Jewish Funding Community to Address Special Needs

On October 20, the global Jewish funding community will gather in New York City to tackle the issue of special needs at ADVANCE: The Ruderman Jewish Special Needs Funding Conference. Hosted by the Ruderman Family Foundation, in partnership with the Jewish Funders Network (JFN), Jewish Federations of North America (JFNA), and Boston’s Combined Jewish Philanthropies (CJP), the one-day conference will explore funding strategies in North America and abroad to build a more inclusive support system for Jews who are disabled or have special needs. ADVANCE is the first-ever funders conference focused entirely around this issue.

“Hundreds of thousands of Jews in the U.S. with physical and/or mental disabilities must forfeit their Jewish experience because too many of our institutions – day schools, camps, vocational training centers, synagogues – are ill-equipped to accommodate special needs,” said Jay Ruderman, president of The Ruderman Family Foundation. “For a people who value fairness, inclusivity, and continuity, it’s unacceptable that so many of our own are turned away in this manner. At the ADVANCE conference, we hope to inspire collaboration in which private funders, Federations, and professionals can actively bring populations with special needs back into the fold of Jewish life.”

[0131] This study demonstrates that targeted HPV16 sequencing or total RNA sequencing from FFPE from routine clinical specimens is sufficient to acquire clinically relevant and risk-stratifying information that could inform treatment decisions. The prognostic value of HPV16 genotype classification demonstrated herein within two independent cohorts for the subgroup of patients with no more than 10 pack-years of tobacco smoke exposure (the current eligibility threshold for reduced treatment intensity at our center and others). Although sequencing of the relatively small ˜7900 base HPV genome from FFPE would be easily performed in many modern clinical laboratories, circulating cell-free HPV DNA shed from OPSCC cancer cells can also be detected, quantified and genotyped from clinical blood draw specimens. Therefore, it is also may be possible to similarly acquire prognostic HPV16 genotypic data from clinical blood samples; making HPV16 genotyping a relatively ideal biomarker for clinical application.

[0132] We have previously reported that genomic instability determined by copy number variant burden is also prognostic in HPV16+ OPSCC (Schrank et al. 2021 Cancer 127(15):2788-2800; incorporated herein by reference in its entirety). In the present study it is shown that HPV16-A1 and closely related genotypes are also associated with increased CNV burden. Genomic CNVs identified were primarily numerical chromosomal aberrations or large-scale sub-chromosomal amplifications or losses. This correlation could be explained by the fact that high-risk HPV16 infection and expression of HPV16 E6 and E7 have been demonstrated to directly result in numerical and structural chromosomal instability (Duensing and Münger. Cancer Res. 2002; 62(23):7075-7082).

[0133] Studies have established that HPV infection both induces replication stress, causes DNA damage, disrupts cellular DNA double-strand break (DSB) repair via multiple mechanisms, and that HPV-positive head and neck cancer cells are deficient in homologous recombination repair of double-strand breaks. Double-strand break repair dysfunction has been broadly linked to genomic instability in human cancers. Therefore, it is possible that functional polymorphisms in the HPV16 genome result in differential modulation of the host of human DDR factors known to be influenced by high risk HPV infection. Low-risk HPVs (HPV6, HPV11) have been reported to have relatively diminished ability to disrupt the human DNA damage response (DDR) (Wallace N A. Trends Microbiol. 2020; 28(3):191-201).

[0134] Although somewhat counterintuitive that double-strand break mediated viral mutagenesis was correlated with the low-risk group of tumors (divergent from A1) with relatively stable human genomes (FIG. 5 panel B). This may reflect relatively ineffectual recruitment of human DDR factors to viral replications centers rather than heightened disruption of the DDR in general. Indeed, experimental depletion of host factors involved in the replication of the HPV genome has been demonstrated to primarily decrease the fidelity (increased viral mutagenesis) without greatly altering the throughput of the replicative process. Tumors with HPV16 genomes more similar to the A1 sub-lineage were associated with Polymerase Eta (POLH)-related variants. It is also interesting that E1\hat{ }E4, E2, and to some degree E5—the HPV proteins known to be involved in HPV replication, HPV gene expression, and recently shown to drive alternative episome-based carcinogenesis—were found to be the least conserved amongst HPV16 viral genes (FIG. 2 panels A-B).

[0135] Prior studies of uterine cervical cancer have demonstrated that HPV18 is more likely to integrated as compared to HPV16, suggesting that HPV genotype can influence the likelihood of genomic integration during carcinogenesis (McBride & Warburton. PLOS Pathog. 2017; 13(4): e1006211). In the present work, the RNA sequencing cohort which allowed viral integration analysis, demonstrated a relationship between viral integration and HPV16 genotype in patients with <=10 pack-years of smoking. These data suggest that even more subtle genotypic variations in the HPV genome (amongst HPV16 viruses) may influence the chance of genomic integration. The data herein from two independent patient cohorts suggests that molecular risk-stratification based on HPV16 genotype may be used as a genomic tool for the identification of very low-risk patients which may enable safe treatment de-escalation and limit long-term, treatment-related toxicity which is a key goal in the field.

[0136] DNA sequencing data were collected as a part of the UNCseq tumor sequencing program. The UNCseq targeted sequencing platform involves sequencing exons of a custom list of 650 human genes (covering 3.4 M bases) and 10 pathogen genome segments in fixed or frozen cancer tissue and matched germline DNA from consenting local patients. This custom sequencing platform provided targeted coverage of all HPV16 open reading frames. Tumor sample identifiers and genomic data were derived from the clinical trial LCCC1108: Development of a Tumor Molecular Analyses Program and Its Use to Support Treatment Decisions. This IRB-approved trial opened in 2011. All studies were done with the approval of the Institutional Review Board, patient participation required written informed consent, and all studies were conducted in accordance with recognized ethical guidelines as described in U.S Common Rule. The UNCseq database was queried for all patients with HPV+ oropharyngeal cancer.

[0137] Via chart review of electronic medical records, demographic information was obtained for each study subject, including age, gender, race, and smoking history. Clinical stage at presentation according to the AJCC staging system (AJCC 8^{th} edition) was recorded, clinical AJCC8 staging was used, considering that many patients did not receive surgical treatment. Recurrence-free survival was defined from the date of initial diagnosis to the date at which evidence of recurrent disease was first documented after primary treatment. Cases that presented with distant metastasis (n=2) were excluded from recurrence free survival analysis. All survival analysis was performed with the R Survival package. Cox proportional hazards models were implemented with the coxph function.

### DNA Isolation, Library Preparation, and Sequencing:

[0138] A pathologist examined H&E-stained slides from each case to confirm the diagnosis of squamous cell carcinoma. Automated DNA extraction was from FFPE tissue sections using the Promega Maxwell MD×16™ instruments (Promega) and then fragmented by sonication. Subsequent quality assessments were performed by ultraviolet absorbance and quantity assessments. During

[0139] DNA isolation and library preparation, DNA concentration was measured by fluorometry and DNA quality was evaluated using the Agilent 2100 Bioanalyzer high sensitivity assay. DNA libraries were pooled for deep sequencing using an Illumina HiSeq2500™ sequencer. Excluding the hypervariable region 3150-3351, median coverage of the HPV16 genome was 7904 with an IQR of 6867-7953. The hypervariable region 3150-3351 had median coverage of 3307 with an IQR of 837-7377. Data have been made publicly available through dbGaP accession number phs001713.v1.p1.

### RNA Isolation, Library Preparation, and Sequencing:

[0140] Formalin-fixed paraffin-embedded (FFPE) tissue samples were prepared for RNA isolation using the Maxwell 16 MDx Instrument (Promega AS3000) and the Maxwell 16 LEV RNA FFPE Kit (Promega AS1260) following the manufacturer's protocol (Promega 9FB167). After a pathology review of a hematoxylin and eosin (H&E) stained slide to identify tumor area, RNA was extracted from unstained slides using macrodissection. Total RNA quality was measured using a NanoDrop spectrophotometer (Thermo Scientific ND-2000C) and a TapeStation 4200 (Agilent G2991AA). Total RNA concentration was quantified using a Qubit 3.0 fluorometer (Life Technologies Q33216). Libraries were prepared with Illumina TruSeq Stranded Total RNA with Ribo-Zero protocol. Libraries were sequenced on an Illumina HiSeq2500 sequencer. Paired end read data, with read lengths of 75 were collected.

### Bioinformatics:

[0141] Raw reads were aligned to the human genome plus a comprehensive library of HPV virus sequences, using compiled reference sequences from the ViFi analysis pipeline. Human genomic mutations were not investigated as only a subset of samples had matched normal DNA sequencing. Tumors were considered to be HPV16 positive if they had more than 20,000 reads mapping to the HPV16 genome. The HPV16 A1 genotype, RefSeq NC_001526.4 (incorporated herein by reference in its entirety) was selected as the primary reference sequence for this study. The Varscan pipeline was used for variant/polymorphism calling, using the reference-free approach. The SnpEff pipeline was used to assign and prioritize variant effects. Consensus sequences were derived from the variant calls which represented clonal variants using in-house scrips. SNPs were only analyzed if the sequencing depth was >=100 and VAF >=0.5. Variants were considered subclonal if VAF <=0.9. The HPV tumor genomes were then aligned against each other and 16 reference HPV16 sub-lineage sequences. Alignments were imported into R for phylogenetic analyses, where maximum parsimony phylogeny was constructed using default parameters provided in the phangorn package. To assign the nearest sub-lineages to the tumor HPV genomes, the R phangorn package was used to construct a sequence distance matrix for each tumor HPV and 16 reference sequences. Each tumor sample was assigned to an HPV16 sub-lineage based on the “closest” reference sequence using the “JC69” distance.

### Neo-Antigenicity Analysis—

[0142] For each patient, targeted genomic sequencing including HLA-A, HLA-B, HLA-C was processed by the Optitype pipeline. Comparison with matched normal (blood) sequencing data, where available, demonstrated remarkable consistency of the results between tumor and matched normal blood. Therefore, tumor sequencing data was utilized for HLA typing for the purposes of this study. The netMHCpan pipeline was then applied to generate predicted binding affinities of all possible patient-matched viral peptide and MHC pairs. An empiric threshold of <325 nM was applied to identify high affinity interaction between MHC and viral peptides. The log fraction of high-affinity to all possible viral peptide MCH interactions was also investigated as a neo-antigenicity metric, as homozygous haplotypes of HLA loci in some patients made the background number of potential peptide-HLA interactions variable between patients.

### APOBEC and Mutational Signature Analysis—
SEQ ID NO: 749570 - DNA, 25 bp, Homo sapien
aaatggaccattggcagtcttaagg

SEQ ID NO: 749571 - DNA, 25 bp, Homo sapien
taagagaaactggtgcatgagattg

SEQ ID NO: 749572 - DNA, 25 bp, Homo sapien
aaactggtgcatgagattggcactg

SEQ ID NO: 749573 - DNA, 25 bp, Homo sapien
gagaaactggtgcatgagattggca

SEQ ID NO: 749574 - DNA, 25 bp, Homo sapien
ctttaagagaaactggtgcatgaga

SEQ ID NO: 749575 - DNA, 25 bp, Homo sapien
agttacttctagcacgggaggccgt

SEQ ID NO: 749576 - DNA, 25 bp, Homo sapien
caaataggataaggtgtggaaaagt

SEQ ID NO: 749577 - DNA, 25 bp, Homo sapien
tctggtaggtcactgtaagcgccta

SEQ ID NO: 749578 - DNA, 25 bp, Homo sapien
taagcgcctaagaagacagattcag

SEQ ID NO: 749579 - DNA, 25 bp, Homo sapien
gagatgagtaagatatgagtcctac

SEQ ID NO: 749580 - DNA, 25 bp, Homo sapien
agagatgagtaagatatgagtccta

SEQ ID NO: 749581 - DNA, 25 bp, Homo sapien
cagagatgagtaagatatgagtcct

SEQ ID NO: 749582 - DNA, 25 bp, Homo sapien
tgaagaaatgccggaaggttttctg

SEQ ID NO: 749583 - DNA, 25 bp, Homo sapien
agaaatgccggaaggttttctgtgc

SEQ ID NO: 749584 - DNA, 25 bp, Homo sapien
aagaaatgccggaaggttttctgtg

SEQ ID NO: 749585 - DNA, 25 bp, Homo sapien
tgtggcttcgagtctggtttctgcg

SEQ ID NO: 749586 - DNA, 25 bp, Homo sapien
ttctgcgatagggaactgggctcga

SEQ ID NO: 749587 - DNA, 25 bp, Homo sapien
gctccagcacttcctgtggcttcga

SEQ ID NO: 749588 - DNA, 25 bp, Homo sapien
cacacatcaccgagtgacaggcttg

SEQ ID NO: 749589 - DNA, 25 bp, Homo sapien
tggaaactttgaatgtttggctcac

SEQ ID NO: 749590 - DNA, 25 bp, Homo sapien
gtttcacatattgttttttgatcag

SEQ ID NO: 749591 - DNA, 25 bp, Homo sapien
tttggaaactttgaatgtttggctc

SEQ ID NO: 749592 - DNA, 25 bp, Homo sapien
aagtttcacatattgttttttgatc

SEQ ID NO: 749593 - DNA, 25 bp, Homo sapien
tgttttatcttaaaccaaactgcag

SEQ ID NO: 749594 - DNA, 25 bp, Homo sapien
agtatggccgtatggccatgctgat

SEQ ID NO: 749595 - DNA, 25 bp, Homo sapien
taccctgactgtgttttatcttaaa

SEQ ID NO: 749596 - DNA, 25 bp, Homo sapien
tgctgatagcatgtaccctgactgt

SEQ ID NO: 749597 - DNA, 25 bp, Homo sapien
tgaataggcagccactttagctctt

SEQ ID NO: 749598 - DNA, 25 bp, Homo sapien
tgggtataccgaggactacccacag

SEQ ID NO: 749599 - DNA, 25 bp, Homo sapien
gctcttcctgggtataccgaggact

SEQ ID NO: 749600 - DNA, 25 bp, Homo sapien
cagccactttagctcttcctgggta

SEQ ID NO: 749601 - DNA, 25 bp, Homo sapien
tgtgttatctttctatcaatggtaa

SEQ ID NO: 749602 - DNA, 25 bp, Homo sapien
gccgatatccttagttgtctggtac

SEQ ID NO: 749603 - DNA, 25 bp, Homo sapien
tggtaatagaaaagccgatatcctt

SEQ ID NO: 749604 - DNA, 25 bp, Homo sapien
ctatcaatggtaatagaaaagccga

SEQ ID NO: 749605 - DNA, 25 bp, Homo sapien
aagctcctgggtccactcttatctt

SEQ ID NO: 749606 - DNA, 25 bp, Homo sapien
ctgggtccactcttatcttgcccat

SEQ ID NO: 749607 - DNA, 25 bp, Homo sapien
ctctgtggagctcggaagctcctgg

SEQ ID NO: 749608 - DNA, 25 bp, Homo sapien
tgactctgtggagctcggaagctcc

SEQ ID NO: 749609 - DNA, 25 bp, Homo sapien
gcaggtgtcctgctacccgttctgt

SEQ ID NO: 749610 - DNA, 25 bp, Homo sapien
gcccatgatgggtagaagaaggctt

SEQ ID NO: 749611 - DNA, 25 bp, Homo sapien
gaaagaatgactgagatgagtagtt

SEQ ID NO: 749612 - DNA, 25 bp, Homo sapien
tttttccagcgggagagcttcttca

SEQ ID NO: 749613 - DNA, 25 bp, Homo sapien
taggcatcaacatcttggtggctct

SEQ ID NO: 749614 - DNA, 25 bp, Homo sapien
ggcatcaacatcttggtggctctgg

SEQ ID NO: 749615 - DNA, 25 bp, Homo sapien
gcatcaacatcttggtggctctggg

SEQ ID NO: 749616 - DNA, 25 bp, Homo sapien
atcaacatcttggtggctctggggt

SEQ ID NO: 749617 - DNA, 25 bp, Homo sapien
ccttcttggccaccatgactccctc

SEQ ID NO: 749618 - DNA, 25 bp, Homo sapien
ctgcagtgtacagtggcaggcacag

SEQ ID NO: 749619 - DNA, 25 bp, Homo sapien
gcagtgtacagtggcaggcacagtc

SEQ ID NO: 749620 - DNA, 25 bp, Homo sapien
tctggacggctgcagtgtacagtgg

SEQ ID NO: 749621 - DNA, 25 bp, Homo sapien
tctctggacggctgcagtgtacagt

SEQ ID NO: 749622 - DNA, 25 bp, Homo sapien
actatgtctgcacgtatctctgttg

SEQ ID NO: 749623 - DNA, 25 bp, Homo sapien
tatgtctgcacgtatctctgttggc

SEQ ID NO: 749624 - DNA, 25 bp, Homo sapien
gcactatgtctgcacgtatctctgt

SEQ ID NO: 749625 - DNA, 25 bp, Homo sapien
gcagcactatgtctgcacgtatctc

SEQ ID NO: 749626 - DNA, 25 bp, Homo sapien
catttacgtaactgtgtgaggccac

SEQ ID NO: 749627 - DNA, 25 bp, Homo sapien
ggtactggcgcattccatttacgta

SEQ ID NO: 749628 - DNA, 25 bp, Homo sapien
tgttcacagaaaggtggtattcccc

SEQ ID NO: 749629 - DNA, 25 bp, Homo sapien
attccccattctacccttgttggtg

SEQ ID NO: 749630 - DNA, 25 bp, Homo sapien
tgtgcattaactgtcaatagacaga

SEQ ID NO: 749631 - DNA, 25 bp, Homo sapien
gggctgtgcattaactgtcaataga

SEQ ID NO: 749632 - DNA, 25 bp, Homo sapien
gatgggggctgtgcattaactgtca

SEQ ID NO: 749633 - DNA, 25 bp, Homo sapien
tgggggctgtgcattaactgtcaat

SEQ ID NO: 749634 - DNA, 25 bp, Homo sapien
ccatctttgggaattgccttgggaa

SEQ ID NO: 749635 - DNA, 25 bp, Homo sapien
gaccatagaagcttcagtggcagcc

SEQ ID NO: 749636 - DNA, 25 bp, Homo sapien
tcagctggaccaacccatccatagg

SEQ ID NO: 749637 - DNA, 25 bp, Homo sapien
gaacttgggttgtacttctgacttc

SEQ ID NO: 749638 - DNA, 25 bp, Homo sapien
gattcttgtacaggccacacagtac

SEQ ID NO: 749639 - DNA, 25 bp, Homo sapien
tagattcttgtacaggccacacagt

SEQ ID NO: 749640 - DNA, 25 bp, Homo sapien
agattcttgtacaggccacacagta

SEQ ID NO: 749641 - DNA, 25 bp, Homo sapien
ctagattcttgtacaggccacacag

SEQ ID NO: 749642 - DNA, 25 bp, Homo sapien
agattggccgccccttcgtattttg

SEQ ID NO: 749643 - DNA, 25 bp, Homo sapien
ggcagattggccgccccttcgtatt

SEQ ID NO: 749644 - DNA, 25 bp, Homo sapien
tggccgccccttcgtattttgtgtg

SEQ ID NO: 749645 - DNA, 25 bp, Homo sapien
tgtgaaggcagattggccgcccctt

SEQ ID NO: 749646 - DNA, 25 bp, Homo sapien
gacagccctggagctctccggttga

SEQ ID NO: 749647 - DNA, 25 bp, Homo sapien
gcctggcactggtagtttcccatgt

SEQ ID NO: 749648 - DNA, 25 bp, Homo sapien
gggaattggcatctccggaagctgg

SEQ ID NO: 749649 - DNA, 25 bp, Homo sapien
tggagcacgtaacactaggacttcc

ADVANCE will expose Jewish philanthropists, Federation, and foundation leaders from the U.S., Israel, Australia and the U.K. to this complex and multi-faceted issue, unwrapping “special needs” from a number of vantage points. Because the terms “disabled” and “special needs” can apply to such a broad array of medical conditions (e.g., autism, paralysis, learning disabilities) sizing the population is in and of itself a challenge. An estimated 14 percent of children in North America are defined as special-needs and roughly 20 percent of the U.S. population has a disability. By applying these percentages to the conservatively estimated population size of five million Jews in the U.S., one can say that 1,000,000 Jews in this country alone are disabled in some capacity.

The conference will open with a keynote presentation by global activist Jerry White, Founder of Survivor Corps and an authority on survivorship, followed by presentations from Jerry Silverman and Dvorah Zlochower, a Talmud educator, on inclusivity and Judaism. Breakout sessions will be organized around the major categories of special needs programming: education, camping and youth programs, housing, vocational training, family support and involvement, and engagement with Jewish life. During these sessions, a variety of panels will explore best practices, key trends, research, and funding models that work. A complement of panels will focus on innovative funding approaches and partnership strategies that enable funders to create spheres of influence within the community at-large.

Additional information about the conference, including a full agenda, presenter bios, and a registration page, are available on the Jewish Funders Network website.